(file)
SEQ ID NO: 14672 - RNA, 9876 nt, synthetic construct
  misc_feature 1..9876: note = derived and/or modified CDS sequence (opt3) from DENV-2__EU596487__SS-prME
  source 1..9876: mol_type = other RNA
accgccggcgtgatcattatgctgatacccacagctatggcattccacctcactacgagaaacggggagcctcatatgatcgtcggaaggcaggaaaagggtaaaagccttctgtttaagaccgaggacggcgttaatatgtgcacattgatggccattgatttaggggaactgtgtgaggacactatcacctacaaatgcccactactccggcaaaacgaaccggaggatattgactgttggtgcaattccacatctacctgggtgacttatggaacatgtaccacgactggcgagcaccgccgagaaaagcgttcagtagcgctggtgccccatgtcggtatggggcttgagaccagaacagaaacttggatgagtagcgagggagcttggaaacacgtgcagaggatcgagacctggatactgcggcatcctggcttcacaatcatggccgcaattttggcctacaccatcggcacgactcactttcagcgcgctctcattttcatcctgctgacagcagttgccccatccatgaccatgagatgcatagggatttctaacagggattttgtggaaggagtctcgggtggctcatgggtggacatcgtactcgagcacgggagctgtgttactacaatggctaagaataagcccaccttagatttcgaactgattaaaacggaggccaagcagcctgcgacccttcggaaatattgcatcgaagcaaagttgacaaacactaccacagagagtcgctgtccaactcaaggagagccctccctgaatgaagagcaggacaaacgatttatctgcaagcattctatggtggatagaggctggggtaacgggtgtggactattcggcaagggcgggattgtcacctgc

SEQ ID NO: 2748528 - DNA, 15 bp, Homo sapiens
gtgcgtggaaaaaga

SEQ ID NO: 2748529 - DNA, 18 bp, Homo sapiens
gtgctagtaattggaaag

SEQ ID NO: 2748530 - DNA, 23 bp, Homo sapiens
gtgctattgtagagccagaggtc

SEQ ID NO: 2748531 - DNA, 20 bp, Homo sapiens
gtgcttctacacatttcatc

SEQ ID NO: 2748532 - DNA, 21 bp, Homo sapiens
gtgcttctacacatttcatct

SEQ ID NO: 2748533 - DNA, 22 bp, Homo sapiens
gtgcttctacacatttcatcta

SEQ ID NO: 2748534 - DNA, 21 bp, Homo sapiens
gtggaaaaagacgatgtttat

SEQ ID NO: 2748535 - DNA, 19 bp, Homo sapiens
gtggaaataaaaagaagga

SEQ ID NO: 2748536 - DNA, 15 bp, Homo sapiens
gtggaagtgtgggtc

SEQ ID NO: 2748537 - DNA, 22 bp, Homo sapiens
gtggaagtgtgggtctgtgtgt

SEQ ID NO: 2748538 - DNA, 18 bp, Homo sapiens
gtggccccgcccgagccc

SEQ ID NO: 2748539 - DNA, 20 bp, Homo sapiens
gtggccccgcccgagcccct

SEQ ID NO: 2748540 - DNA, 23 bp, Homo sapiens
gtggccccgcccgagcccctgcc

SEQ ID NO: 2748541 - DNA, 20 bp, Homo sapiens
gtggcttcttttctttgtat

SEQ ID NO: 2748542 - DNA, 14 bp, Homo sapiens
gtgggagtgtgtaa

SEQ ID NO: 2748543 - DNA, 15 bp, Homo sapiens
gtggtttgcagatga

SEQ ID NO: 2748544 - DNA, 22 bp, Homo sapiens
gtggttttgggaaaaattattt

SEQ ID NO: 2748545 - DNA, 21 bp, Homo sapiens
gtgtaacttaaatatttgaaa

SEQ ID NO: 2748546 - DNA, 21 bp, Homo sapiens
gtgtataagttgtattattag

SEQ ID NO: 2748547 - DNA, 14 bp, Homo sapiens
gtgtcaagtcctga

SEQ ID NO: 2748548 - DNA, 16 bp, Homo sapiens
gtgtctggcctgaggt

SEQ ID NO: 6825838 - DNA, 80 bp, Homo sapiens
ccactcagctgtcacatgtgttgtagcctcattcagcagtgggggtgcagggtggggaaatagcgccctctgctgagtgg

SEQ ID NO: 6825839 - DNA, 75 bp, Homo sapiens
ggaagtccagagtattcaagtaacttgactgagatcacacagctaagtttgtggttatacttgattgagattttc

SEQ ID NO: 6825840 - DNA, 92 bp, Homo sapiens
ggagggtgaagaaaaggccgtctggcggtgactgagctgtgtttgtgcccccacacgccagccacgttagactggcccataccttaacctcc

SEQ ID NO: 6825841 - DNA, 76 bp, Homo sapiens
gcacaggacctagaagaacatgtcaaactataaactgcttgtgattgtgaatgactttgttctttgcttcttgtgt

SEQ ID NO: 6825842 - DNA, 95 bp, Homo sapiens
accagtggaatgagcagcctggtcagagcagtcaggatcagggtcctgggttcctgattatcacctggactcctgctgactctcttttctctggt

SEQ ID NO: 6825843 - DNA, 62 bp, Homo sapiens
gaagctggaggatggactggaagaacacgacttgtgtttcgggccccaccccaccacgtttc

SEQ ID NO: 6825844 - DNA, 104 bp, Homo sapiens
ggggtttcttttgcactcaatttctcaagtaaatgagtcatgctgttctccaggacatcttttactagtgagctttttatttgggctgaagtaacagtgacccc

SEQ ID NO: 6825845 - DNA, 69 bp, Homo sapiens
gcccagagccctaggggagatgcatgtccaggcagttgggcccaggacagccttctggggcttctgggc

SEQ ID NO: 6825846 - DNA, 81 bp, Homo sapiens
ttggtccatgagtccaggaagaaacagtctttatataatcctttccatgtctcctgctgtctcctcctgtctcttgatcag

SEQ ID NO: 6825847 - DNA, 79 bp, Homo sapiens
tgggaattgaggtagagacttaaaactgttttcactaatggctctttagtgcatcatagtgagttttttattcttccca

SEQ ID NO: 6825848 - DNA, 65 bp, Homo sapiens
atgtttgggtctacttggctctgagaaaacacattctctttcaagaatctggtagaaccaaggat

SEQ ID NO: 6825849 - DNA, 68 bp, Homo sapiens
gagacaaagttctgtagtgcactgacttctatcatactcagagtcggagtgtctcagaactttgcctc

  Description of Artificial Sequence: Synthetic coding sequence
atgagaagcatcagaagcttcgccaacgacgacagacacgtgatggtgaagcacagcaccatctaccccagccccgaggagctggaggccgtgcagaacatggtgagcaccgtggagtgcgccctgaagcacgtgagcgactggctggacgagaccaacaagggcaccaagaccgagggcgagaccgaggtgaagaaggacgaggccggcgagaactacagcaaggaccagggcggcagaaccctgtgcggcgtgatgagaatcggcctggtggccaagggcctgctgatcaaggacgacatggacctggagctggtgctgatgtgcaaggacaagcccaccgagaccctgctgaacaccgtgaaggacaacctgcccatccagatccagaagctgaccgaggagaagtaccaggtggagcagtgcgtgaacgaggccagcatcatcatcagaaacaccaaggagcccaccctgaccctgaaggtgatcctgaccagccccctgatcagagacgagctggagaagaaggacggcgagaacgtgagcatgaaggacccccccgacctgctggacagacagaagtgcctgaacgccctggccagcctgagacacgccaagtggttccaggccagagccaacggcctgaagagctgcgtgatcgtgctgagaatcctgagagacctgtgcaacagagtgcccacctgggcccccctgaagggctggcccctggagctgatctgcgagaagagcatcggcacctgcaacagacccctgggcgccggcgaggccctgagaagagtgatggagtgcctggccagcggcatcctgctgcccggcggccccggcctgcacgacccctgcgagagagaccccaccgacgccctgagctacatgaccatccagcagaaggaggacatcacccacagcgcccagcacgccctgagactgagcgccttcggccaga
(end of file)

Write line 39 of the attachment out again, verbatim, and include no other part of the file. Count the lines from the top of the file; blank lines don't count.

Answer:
SEQ ID NO: 2748545 - DNA, 21 bp, Homo sapiens